Lemaitre haven’t even released an album yet, but the two 20-year-olds, Ketil Jansen and Ulrik Denizou, are already causing a stir in the electronic universe. Taking inspiration from an assimilation of influences ranging from Daft Punk, Röyksopp, Justice, Ratatat, Phoenix and Noisia, Lemaitre have reached number one in the iTunes Electronica chart in the USA and Canada, and number nine in the UK. They EP Relativity 3 was released at the start of March and Aesthetica speaks to the Norwegian duo about their work and future projects.
A: How would you describe your sound to someone who hasn’t heard you yet?
L: A mix between soft synths and melodies and hard hitting bass lines, at times glitchy and very sample based. Also Disco, house, electronic, indie and pop influences – pretty organic sounds.
A: You reached number one in the iTunes dance chart in the US and Canada without press or radio. How did you achieve that?
We reached number one on the iTunes Electronica chart in the USA and Canada on the last EP (Relativity 2) and stayed there for a week – without any promo. We actually just did two Facebook updates and one tweet for that EP. On Relativity 3 we were registered on the mainstream dance chart so it was a bit harder to get to number one, but we were number four in the USA and Canada, number seven in the UK, number two in France and top 10 in a lot of other countries, so we were pretty happy with that.
Our music has always spread through the internet and has mostly been for free download. Our following has grown, and people seem to buy our music because they want to support us, rather than because we make them go to iTunes. We haven’t had any strategy really, apart from trying to make our music as available as possible. That leads to people using your music for all kinds of stuff like YouTube videos. Maybe the ones who find music through the internet also are the ones who buy most on iTunes?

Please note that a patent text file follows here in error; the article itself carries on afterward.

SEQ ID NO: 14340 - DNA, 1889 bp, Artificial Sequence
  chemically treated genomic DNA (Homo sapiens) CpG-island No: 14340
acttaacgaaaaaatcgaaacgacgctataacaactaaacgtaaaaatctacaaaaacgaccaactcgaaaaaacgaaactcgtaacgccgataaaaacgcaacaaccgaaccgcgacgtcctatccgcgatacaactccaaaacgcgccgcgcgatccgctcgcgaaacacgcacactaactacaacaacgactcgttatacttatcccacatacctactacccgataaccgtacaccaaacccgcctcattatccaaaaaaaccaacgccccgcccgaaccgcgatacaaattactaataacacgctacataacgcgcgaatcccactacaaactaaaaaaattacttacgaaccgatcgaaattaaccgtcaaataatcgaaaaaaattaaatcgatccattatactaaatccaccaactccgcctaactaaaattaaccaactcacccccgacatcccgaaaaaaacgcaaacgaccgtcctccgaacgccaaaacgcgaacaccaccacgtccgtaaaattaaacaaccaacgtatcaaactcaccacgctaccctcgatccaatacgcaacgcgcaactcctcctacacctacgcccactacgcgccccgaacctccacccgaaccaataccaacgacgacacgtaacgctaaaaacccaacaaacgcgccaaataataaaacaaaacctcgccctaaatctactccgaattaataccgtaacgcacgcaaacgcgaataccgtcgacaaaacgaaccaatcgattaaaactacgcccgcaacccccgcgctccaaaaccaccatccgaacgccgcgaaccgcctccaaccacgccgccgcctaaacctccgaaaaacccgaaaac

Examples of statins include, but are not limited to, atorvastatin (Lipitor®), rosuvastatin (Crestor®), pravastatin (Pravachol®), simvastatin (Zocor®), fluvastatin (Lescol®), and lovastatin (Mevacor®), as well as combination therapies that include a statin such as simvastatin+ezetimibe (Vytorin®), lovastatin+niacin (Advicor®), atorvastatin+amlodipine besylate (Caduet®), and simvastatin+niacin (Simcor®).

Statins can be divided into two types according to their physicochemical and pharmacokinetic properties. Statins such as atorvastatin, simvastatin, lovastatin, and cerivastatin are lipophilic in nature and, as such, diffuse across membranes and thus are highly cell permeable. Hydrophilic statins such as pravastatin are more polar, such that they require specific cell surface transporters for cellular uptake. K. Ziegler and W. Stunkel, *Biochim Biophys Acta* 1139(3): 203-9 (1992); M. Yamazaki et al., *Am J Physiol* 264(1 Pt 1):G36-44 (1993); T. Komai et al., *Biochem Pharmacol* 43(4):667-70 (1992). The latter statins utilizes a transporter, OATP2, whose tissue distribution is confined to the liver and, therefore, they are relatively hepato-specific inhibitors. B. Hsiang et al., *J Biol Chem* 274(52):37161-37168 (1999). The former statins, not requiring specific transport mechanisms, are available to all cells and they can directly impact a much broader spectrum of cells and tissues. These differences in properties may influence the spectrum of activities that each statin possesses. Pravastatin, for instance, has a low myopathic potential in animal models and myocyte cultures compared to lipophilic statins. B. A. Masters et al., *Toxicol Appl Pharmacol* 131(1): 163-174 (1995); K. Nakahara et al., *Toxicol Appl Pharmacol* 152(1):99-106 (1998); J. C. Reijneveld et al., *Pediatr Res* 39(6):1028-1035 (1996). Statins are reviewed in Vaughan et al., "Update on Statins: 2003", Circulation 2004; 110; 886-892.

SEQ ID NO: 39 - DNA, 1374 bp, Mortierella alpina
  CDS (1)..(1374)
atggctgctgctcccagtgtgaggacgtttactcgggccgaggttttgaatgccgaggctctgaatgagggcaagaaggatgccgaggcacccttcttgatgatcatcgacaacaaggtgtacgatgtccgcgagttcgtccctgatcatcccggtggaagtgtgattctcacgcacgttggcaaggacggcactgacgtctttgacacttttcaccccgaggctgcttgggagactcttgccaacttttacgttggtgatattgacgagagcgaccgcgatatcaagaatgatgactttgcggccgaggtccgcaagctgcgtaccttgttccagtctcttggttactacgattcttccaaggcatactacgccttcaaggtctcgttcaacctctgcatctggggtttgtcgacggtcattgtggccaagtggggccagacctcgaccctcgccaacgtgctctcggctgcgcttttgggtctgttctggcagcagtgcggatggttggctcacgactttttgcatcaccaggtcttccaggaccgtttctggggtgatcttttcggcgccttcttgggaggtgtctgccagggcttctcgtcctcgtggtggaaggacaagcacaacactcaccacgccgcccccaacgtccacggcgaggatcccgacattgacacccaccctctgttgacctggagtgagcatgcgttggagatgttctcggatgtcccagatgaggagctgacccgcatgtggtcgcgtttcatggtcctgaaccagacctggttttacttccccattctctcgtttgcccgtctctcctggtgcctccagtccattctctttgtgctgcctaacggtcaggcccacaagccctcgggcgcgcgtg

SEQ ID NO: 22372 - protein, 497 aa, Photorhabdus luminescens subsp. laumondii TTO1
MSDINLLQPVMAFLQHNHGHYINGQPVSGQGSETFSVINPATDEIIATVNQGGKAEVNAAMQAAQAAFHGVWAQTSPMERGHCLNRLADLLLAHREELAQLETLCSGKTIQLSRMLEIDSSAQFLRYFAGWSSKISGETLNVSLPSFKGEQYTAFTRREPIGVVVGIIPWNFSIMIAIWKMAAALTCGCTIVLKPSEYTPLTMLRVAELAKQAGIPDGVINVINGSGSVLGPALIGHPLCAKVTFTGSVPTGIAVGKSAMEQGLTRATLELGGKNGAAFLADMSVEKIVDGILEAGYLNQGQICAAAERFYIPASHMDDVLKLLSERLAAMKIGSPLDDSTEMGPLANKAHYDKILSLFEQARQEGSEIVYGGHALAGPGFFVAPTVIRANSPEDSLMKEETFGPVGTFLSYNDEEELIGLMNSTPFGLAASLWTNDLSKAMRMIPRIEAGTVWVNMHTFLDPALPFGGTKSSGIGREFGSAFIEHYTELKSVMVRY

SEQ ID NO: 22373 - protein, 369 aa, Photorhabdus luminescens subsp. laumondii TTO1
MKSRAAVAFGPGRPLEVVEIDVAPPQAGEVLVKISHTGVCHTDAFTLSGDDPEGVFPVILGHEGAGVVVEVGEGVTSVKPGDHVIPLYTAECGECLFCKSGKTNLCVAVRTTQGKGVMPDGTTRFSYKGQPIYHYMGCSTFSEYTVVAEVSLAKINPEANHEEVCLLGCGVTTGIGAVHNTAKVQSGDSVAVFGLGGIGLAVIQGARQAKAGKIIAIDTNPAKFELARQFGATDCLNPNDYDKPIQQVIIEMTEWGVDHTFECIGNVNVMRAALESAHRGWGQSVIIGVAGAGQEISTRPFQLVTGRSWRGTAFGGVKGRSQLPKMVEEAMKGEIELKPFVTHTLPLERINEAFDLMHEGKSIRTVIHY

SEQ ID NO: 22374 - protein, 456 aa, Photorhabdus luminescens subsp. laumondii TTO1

A: What inspires you lyrically?
L: Films, books, TV series’, news and all kinds of other writing. We write about all things except love and partying. There are already enough songs about that. There are some songs about some weird stuff. And they might seem nonsensical, but there are actually meanings behind all the lyrics.
A: You design and construct your own live set, incorporating light, visuals and sound. How important is the multi-media aspect to you?
L: We have always liked images and visuals to accompany music. A dream would be to score a Miyazaki film. So when we started playing live we decided to have something visual, also because we are only two people on stage. The visuals we have now consists of either one or three “sculptures” that we project animations on. How many we use depends on how big the stage is. It is an ongoing project along with the live performance.
You can see them in action here: http://youtu.be/kTP7FGaB9os
A: What is the best piece of advice you have been given so far?
L: Hard work pays off.
A: There are shades of Prince in some of your tracks, such as Fiction. Is he a big influence?
L: Yes, him and a lot other funk, R&B and disco artists. We make all the sample we use in our music from scratch. So we try to emulate the sound of that era. And that way we can recreate basically any style of music with the chords and melodies we want to sample.
A: What are your plans for the year ahead?
L: We are going to tour a lot. Now in the spring, mostly Europe, and after the summer more in the USA and Australia. Our remix of Mat Zo & Porter Robinson’s Easy will be out 14 April. We are also going to release more music that we are currently working on in-between touring. There will be something new out before summer!
Video courtesy of You Tube.